From Sridevi to Syria: Unequal in Death

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Members of the Syrian Civil Defense group working to remove victims from under the rubble of a damaged shelter that was hit in airstrikes and shelling by Syrian government forces, in Ghouta. — AP

Upset over the endless coverage of Sridevi’s death by the media, ignoring far serious tragedies like the continuing carnage in Syria’s Ghouta, a friend sent a meme noting that “more than 400 people including 117 children had been killed in Syria over 5 days and no one reacted while an actress died and the whole world has gone into shock! Hats off to humanity!”

AIJAZ ZAKA SYED | Caravan Daily

THE passing of a loved one makes one acutely conscious of one’s own mortality.  In a country crazy about cinema and cricket, the massive public interest and outpouring of grief over the sudden death of Bollywood icon Sridevi coupled with the non-stop media coverage is understandable. It came as a shock to many of us, especially those who grew up in the ‘80s and ‘90s when she reined over the box office.

Long before the aficionados of Hindi cinema fell in love with her histrionics, Sridevi had been the reigning queen of cinema in the South.  Although immensely successful in the Mumbai cinema, thanks to Yash Chopra’s Chandni, Lamhe and Shekhar Kapoor’s Mr India, her work up north doesn’t constitute even a quarter of what she had accomplished down south.

She was loved and admired in regional cinema for her extraordinary performances in some landmark films, which later went on to become blockbusters in Hindi cinema. Films like Sadma with the gifted Kamal Hassan represent the milestones not just of her career but of Indian cinema itself.

Incredibly shy and humble in real life, the doe-eyed beauty had been a powerhouse of talent. She proved all over again what a gifted actor she was with her recent comeback films, English Vinglish and Mom, the latter with remarkable performances by Pakistani actors Adnan Siddiqui and Sajal Aly.

No wonder there is so much grief over her departure, and not just in India. Many of my Arab and Pakistani friends admired and loved her, just as they do many other Bollywood stars. The Pakistani media has eagerly followed all the developments, in sync with its fellow travelers across the border.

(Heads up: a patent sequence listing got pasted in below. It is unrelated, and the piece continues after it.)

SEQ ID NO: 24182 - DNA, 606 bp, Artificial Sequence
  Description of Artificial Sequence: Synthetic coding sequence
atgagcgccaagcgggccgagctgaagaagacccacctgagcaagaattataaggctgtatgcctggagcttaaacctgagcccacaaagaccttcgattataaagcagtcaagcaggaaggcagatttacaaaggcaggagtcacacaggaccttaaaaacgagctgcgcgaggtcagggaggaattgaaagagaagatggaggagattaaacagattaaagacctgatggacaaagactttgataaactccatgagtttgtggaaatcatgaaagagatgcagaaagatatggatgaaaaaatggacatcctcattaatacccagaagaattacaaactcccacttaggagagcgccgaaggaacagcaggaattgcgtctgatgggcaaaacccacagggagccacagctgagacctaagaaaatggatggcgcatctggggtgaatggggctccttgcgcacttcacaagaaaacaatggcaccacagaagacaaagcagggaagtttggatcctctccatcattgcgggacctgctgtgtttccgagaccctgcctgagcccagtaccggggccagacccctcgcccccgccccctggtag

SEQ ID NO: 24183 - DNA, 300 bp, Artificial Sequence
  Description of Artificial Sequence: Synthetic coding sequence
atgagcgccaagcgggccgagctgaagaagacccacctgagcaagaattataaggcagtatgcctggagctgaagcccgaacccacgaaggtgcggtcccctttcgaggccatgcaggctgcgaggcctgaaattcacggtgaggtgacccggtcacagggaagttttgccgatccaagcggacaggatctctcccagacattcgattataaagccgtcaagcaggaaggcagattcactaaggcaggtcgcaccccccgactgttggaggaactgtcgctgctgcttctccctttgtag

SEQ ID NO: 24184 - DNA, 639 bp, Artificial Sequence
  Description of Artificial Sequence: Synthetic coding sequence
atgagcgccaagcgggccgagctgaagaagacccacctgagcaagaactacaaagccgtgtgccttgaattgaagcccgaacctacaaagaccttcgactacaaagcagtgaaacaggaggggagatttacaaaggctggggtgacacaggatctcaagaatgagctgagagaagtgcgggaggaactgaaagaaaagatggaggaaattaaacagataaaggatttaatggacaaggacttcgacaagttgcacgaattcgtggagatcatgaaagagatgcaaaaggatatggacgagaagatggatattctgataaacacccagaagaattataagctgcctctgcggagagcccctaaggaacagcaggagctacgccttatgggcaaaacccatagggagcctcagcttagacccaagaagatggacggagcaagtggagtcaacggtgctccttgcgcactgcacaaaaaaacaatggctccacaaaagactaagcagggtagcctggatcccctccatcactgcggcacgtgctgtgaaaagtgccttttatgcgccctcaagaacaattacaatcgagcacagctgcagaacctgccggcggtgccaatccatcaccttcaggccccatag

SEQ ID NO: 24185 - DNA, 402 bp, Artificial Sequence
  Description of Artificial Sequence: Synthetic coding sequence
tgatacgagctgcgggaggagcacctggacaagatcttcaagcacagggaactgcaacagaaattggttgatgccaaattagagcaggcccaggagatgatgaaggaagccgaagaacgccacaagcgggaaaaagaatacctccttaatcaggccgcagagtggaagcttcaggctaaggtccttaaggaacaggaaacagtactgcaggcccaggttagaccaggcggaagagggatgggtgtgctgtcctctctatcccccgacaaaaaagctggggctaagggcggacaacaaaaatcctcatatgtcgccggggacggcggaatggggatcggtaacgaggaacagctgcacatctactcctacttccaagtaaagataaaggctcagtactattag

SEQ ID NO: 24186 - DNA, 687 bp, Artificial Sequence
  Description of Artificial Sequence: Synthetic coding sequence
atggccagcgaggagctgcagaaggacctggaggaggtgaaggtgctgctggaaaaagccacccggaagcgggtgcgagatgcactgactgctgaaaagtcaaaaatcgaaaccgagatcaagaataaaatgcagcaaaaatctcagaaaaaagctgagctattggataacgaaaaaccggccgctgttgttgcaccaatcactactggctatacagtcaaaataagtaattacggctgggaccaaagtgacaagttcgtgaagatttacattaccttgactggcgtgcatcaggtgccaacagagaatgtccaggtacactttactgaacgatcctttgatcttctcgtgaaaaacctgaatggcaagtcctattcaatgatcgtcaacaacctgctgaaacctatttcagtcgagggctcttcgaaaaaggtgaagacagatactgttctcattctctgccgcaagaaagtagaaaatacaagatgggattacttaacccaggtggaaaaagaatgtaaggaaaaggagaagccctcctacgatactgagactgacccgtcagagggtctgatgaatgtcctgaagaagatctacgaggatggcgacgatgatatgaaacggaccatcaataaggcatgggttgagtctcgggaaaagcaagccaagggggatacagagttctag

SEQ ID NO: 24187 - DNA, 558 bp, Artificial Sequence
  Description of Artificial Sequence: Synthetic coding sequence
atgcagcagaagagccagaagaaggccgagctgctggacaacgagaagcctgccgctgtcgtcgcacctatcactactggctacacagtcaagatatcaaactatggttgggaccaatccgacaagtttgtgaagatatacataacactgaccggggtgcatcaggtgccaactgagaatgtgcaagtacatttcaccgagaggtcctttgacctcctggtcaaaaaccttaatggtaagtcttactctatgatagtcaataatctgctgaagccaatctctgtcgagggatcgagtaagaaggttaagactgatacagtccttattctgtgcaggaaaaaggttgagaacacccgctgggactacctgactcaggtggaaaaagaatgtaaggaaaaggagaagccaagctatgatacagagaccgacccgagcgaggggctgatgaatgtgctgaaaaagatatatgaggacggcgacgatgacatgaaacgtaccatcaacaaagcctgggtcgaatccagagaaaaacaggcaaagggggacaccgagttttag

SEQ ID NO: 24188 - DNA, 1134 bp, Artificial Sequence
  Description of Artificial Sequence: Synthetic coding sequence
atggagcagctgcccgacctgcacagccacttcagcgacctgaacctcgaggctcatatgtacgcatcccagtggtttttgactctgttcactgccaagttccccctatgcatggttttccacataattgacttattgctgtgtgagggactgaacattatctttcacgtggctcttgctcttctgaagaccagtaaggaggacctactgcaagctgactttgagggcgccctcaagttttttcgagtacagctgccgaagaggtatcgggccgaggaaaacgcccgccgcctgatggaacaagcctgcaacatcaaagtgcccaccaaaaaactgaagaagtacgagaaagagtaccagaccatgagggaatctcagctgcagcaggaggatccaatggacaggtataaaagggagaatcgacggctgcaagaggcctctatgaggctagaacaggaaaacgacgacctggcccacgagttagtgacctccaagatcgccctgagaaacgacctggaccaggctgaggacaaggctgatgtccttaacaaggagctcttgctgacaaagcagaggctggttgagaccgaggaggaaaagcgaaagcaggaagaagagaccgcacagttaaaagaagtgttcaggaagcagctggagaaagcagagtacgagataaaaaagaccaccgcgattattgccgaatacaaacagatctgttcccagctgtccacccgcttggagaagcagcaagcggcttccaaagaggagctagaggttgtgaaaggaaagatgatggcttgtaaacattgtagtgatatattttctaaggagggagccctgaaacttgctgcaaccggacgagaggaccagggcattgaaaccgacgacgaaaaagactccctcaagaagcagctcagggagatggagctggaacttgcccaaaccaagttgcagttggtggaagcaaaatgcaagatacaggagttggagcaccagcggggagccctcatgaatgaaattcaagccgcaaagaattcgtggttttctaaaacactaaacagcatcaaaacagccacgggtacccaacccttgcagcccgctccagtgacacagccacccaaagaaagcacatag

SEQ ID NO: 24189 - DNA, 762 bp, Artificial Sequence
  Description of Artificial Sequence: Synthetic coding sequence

The unusual circumstances of her death at the relatively young age of 54 make the tragedy even more poignant.  Still, does it justify the endless, ceaseless 24/7 over-the-top coverage by the media peddling what can be described as a pornography of emotions.

It is because of this perpetual need of the media to feed the popular hunger for information — any information – and trivia that it brings its experts and close friends out of the woodwork, dishing out all sorts of absurd conspiracy theories.

Sridevi died February 24 night but she has remained ubiquitous everywhere – in newspapers, on television and radio and in cyberspace.

Every time one turned on television, one was greeted with the same spectacle of assorted talking heads and anchors debating the tragic mystery shutting out everything else.  It seemed as if the world had come to a standstill. Everyone called it an ‘untimely tragedy’.  But all deaths are tragic, aren’t they? Who has come here to live forever?

Sridevi has departed today and, rest assured, we will all follow her, sooner or later. Untimely? Who knows whose time is next? Death is the biggest reality of life and we all know it. We might pretend otherwise, in the hectic chaos of our everyday lives.  But the stark reality stares us in the face all the time while we are busy making money, building a career and our little castles in the air. It goes without saying when our time eventually comes, as it must come, none of these lovely possessions go with us.